The mocking program by Alan Dean Foster

The girl looked to her friend for help. They were silent for a long minute. Then the one called Rose spoke up, though with obvious reluctance. She did not meet the visitor’s gaze. “Katla’s hard to talk to, sometimes. It’s not like she’s rude: just quiet. But sometimes— sometimes she’ll tell us where she’s been when she’s not here.” The not-quite-woman’s voice had fallen to a whisper, as if she was afraid someone not present might somehow overhear the conversation.

“She likes to focus with the crazyboys.”

Cardenas exhaled softly. “Katla Anderson is twelve. That’s too young to be focusing with the ninlocos. They would laugh her off. She’d slow their pulse.”

Malaga was shaking her head. “Not the subgrubs. They’ll take you if you’re eleven.” Aware that she might have divulged too much forbidden knowledge, she added hastily, “That’s what I induct, anyway.”

The Inspector straightened. Subgrubs were loose, casual groupings of antisocs not yet old enough to be initiated into a real gang. Despite what the girl had told him, he had never encountered or heard of one as young as eleven being admitted to the clique. But twelve—at twelve you would be tolerated. Thirteen to fourteen was the average age of a subgrub, after which you moved on up to a real ninloco gang, went cleanie—or ended up solo on the Strip. Or dead.

Subgrubings were fluid bands of mature children and immature teens with no real structure or organization. Unlike the ninloco gangs, members owed allegiance only to one another. Bonds were formed through friendship and dissolved as casually as they were begun. Serious crimes were rarely perpetrated by the kids involved. Most turned to antisoc activities out of boredom, not conviction. They were delinquents rather than felons.

It was a good time to catch them out, before their lives started spiraling down the toilet. Especially a bright, apparently promising kid like the Anderson girl.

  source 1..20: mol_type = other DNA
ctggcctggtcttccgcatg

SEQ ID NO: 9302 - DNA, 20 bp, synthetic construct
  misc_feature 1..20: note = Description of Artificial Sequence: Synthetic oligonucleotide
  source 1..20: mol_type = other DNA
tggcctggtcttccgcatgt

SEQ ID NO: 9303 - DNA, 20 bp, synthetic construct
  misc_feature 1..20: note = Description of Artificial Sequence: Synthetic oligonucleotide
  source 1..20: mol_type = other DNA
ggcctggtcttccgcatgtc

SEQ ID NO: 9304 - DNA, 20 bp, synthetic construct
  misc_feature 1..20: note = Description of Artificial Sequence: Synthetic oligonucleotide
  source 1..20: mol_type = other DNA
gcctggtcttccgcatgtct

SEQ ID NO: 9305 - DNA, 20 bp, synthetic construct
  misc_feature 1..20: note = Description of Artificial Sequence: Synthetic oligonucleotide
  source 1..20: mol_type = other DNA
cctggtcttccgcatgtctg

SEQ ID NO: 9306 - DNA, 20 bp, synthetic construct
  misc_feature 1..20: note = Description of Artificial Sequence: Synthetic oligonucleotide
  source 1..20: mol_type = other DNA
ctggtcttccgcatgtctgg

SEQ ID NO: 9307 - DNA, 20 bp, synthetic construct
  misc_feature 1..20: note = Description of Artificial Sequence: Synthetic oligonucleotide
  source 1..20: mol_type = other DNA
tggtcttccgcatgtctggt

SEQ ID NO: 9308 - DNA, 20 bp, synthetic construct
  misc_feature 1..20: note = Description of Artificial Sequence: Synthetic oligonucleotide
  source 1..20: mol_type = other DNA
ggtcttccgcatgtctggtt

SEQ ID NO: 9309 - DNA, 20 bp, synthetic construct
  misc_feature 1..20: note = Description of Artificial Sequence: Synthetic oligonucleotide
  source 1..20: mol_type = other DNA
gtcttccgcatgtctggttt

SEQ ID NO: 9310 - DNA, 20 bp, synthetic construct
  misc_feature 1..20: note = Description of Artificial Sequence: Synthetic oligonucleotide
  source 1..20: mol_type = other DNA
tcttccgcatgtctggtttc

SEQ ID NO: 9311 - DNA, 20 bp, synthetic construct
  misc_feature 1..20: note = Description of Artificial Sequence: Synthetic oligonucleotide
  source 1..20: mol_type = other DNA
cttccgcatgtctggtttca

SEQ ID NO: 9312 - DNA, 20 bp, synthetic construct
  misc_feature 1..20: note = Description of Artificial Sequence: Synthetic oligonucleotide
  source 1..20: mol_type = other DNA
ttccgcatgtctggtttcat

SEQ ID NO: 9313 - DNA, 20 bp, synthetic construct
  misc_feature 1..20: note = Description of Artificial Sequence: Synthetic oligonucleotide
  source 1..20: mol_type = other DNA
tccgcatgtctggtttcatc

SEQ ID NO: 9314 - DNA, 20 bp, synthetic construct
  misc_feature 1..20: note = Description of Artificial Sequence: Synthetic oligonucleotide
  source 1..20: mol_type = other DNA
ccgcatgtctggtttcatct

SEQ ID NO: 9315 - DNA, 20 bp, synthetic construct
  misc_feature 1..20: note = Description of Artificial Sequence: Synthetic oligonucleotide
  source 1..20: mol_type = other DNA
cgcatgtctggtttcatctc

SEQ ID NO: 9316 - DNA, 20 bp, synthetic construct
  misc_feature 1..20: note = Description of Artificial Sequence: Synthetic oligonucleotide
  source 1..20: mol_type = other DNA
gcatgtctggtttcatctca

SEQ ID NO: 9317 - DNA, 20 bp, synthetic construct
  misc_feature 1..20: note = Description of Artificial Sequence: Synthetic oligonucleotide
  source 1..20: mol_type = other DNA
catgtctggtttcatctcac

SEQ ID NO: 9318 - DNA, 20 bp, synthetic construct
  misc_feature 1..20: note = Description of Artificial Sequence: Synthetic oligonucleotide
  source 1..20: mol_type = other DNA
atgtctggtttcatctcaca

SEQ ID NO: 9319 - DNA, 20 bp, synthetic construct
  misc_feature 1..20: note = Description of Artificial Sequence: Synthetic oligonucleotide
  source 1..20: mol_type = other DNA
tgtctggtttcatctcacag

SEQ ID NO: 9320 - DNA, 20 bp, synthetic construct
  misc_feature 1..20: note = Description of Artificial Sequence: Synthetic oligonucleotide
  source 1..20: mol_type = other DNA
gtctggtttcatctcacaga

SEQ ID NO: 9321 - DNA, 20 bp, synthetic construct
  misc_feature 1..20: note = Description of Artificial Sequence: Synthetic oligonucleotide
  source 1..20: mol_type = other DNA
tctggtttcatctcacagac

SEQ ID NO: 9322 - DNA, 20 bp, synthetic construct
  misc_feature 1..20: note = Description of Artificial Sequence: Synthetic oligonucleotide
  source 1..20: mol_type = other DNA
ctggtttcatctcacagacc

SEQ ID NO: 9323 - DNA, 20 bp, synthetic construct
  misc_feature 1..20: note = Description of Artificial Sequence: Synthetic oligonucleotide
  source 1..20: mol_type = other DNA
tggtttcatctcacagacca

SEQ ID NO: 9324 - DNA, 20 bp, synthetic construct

Drawing his spinner, Cardenas requested the names of all the known subgrub factions reported to swirl within a ten-kim radius of the school. Beyond that, a twelve-year-old would start to find herself in alien territory. “Gobreski,” he recited aloud as the names appeared on the screen. “Narulas. Pinks, Habaneros, Terravillas. The Lost Perros. Vetevenga. Socratease. Convirgil.”

“Vetevenga,” murmured Rose. “That’s the one. I don’t know where they focus.”

“There’s something else.” Cardenas shifted his attention to the taller girl.

“She—Katla mentioned the name of one antisoc a lot. A boy.” Rose shot her friend a warning look that was ignored. “Como’s himself ‘Wild Whoh.’ I—we—met him once or twice. He was never enrolled here, but they let him audit a few classes. Whenever he was here, he and Katla would hub.” Raising one hand above her head, she held it out, palm facing down. “About this tall, kind of skinny. Short green hair, usually. Crossoed querymark shaved into the right side. One time I remember him saying he was fifteen—but I think he was boasting. Afranglo skin and features.” She touched her left ear. “Always wearing a muse when he wasn’t in session. Passing out nodes like some bigtime Noburu-san.”

“They were a good match,” a still-hesitant Rose added. “He was even weirder than Katla.”

The Inspector recorded the info. “You’ve both been very helpful. Thank you.” He turned to go.

A hand clutched tentatively at his sleeve. It was Malaga, for the first time looking very childlike. “Katla—she’s okay, isn’t she?”

“I hope so. I like to think so. If she should happen to focus anywhere around here, would you let me know? My name is Inspector Cardenas.” He did not have to provide a number. How to deal with and make use of the authorities was one of the first things children learned in soche.

It was clouding up when he left the school. More monsoon weather, he reflected. More rain. It would untidy his day, but he didn’t mind. Only a mental objected to rain in the desert, irrespective of how much purified desal they extracted and pumped north from the shallows of the Golfo.

Antisocs tended to lead largely nocturnal lives. Subgrubs were no exception. Calling in his intentions via vorec, he headed not for the office but for home. If he was going to chase grubs all night, it would behoove him to take a nap.


ZAP-ATA AVENUE NEVER SLEPT. IT WAS WHERE the resident seeds of this particular pie-slice of the Strip came to play when they were in the mood to get a little spizzed and spazzed. Cleanies and antisocs, citizens and ninlocos, admins and techies and eeLancers mixed freely, their social differences temporarily set aside, bound together by a mutual desire to saturate themselves in a scintillating sea of tempormorality.